You are here » home advanced search Diporiphora adductus

Diporiphora adductus DOUGHTY, KEALLEY & MELVILLE, 2012

Can you confirm these amateur observations of Diporiphora adductus?

Add your own observation of
Diporiphora adductus »

We have no photos, try to find some by Google images search: Google images

Higher TaxaAgamidae (Amphibolurinae), Sauria, Iguania, Squamata (lizards)
Common NamesE: Carnarvon Dragon 
SynonymDiporiphora adductus DOUGHTY, KEALLEY & MELVILLE 2012
Diporiphora adductus — CHAPPLE et al. 2019: 72 
DistributionAustralia (Western Australia: N Carnarvon Basin)

Type locality: 2 km west of Bullara Homestead, Western Australia (22°40′23′′S, 114°0′58′′E)  
TypesHolotype: WAM R141589, an adult male collected on 22 June 2000 by B. Bush and B. Maryan. Paratypes. All from Western Australia. WAM R71582, collected 4 km north of Mia Mia High School (23°21′S, 114°26′E); WAM R129009, collected at Urala Station (21°45′18′′S, 14°51′02′′E); WAM R140984, collected at Urala Station (21°45′13′′S, 114°51′08′′E); WAM R157296, collected at Yanrey Station (22°09′51′′S, 114°35′23′′E). 
DiagnosisDiagnosis. A slender, medium-sized Diporiphora, with no gular or post-auricular folds, scapular fold absent or very weak (small scales present but skin not folded over), homogeneous dorsal scales with keels parallel to midline, no femoral pores, 0–2 precloacal pores, 61 or fewer mid-body scale rows, ventral scales larger than dorsal scales, coloration not yellow-green, and lateral line with dark border present.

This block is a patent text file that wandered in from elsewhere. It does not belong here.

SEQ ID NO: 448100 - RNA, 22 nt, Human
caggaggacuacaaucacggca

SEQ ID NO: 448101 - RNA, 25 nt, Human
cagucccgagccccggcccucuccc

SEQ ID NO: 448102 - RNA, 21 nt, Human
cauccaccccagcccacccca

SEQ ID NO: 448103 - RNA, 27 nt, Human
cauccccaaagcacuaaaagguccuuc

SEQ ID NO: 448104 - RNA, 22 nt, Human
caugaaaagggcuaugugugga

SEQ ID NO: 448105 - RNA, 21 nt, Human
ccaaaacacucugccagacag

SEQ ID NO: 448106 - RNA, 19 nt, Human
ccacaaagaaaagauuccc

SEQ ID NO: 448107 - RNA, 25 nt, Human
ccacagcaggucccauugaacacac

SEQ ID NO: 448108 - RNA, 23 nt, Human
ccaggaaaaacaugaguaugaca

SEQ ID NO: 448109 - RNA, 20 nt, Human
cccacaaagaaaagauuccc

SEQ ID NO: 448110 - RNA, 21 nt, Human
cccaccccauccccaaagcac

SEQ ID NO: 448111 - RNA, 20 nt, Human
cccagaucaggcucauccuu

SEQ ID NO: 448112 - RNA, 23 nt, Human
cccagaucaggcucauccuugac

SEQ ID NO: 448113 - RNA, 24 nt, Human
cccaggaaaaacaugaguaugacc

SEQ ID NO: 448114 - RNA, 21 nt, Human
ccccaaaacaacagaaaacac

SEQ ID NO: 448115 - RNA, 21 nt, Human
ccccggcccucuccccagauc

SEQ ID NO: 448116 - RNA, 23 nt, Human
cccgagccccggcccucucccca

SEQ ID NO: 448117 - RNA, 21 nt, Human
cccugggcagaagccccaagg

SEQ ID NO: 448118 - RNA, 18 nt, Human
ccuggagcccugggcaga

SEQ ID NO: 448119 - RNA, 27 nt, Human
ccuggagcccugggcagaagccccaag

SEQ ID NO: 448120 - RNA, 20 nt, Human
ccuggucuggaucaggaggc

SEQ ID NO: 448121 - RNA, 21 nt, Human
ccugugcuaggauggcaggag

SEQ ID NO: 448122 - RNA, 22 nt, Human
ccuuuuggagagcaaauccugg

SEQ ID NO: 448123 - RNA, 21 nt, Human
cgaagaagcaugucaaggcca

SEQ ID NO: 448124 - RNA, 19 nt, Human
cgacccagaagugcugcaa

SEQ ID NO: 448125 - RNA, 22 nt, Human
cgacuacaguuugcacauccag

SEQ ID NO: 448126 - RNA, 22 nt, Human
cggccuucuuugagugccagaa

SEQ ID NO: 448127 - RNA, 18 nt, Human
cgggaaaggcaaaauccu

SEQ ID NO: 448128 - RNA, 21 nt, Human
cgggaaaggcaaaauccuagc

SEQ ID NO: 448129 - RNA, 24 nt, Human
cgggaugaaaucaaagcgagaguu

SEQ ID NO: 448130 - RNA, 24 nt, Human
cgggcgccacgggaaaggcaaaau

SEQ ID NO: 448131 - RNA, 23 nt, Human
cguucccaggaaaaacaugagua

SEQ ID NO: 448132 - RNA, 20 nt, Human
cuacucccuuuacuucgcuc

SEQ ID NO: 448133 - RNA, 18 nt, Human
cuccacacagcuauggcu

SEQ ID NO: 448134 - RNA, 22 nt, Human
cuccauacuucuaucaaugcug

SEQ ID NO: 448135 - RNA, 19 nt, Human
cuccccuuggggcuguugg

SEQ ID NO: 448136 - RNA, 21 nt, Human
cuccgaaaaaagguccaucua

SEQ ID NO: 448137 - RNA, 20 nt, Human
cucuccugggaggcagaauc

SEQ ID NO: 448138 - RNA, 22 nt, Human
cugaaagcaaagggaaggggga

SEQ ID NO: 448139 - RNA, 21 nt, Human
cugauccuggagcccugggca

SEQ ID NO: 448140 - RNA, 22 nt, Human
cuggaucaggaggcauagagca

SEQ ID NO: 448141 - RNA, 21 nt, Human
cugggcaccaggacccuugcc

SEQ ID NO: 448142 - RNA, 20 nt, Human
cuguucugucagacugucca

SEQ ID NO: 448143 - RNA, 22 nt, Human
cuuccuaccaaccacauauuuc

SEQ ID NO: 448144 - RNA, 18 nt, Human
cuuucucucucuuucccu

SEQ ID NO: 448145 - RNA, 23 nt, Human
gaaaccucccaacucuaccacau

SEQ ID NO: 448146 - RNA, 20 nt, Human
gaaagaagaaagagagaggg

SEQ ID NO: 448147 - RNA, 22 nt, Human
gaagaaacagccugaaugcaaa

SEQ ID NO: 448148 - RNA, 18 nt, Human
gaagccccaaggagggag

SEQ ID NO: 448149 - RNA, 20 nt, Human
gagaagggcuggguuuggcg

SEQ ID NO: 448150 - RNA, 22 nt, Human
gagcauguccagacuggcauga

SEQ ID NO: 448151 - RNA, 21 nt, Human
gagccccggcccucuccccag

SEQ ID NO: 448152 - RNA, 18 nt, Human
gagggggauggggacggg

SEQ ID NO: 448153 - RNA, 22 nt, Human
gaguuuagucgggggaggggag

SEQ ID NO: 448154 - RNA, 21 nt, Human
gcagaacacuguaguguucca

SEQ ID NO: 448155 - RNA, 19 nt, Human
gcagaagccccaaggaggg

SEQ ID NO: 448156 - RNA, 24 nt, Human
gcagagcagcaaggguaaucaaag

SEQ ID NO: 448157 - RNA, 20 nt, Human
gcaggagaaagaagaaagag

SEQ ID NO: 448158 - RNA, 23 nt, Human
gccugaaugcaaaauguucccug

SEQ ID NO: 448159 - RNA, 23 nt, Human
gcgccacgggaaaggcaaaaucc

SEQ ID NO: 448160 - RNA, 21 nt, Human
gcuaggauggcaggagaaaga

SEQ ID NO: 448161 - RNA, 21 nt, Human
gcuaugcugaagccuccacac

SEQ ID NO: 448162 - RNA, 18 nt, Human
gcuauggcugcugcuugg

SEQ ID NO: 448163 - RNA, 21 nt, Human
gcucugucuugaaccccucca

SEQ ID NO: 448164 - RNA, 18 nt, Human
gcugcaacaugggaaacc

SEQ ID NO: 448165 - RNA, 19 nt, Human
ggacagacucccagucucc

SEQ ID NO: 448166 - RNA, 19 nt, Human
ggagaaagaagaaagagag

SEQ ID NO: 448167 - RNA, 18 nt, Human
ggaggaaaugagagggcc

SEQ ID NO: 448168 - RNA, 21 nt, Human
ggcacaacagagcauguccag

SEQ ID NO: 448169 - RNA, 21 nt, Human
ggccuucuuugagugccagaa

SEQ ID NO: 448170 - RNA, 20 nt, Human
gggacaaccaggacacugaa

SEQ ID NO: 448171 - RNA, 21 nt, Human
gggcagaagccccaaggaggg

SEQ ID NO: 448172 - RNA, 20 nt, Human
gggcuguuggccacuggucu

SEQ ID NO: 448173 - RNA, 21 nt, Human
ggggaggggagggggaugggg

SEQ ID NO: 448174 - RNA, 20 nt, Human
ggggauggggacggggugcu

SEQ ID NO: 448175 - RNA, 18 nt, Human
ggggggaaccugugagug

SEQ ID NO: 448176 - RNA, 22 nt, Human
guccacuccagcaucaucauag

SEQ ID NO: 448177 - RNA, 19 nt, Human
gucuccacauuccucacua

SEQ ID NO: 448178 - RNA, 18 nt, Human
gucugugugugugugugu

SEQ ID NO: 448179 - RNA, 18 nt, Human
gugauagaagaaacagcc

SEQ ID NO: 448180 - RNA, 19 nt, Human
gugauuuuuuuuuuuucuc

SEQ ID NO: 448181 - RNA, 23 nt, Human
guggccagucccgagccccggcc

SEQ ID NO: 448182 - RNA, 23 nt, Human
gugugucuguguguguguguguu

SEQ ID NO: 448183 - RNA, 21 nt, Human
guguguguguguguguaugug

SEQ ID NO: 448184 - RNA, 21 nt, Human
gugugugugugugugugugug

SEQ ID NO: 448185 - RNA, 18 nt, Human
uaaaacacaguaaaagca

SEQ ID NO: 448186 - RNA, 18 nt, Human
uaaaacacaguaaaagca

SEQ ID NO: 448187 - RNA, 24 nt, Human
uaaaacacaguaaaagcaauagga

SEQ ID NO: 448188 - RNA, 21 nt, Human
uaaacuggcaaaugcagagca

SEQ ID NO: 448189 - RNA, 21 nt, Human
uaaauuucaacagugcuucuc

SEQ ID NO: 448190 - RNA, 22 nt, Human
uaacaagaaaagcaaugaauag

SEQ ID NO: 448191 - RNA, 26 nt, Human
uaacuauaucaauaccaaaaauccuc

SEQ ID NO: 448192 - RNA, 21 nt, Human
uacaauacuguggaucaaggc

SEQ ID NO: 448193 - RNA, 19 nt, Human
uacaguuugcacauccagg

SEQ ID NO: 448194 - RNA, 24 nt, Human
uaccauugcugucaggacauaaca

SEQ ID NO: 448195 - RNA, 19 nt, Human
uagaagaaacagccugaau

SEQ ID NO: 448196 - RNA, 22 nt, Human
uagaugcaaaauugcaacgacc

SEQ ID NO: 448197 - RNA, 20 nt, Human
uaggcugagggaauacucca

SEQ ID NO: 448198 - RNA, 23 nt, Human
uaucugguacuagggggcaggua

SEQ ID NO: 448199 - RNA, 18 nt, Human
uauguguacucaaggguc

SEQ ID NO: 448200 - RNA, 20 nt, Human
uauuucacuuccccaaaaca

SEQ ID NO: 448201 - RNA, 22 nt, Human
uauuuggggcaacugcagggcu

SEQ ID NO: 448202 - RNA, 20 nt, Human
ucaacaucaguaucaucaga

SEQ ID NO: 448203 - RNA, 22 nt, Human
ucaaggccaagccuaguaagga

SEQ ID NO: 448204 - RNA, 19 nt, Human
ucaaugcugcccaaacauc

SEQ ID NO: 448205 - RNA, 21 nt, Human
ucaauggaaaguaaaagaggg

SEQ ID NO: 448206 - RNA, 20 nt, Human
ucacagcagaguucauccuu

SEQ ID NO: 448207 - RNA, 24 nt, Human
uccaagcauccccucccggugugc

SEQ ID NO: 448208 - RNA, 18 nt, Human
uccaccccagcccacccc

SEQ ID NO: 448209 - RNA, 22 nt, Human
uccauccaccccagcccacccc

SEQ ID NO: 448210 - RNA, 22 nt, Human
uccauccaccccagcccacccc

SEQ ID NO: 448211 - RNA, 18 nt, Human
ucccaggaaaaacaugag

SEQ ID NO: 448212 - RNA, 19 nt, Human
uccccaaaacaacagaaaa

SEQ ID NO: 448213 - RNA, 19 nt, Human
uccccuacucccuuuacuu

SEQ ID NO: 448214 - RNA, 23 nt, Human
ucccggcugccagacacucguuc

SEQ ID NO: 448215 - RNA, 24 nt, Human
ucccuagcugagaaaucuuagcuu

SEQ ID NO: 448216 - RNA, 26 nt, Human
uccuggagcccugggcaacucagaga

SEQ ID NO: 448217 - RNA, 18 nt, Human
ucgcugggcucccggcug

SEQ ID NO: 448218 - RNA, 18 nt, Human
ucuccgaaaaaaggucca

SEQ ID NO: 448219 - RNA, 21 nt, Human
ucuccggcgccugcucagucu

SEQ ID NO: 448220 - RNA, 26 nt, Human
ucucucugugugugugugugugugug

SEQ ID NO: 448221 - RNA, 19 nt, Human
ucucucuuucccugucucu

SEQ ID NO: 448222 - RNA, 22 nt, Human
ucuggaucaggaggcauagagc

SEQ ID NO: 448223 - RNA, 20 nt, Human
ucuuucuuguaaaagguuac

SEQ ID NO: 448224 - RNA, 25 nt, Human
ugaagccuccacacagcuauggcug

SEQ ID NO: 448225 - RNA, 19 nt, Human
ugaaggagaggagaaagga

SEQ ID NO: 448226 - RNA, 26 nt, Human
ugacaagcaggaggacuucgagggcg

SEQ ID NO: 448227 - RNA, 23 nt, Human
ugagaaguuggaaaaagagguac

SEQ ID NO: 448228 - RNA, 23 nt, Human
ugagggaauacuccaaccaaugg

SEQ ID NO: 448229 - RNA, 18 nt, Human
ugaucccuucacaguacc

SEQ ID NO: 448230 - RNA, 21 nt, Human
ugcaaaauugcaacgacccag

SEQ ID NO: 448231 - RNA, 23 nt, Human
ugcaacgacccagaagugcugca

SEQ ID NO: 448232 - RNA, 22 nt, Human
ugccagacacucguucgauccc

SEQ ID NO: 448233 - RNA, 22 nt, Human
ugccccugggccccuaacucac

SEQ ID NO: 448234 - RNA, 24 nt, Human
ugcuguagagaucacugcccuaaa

CommentHabitat. Occurs on low-lying Spinfex and Acacia and other low shrubs, usually on sand dunes or red sandy/ loamy soils. 
EtymologyThe specific name is modified from Greek and refers to the elongated body shape and also the lack of the folds traditionally used for Diporiphora taxonomy (gular, post-auricular, scapular). Used as a noun in apposition. 
  • Chapple, David G.; Reid Tingley, Nicola J. Mitchell, Stewart L. Macdonald, J. Scott Keogh, Glenn M. Shea, Philip Bowles, Neil A. Cox, John C. Z. Woinarski 2019. The Action Plan for Australian Lizards and Snakes 2017. CSIRO, 663 pp. DOI: 10.1071/9781486309474 - get paper here
  • Cogger, H. G. 2014. Reptiles and Amphibians of Australia, 7th ed. CSIRO Publishing, xxx + 1033 pp. - get paper here
  • DOUGHTY, PAUL; LUKE KEALLEY & JANE MELVILLE 2012. Taxonomic assessment of Diporiphora (Reptilia: Agamidae) dragon lizards from the western arid zone of Australia. Zootaxa 3518: 1–24 - get paper here
  • Ellis, Ryan J. 2019. An annotated type catalogue of the dragon lizards (Reptilia: Squamata: Agamidae) in the collection of the Western Australian Museum. Records of the Western Australian Museum 34: 115–132 - get paper here
External links  
Is it interesting? Share with others:

Please submit feedback about this entry to the curator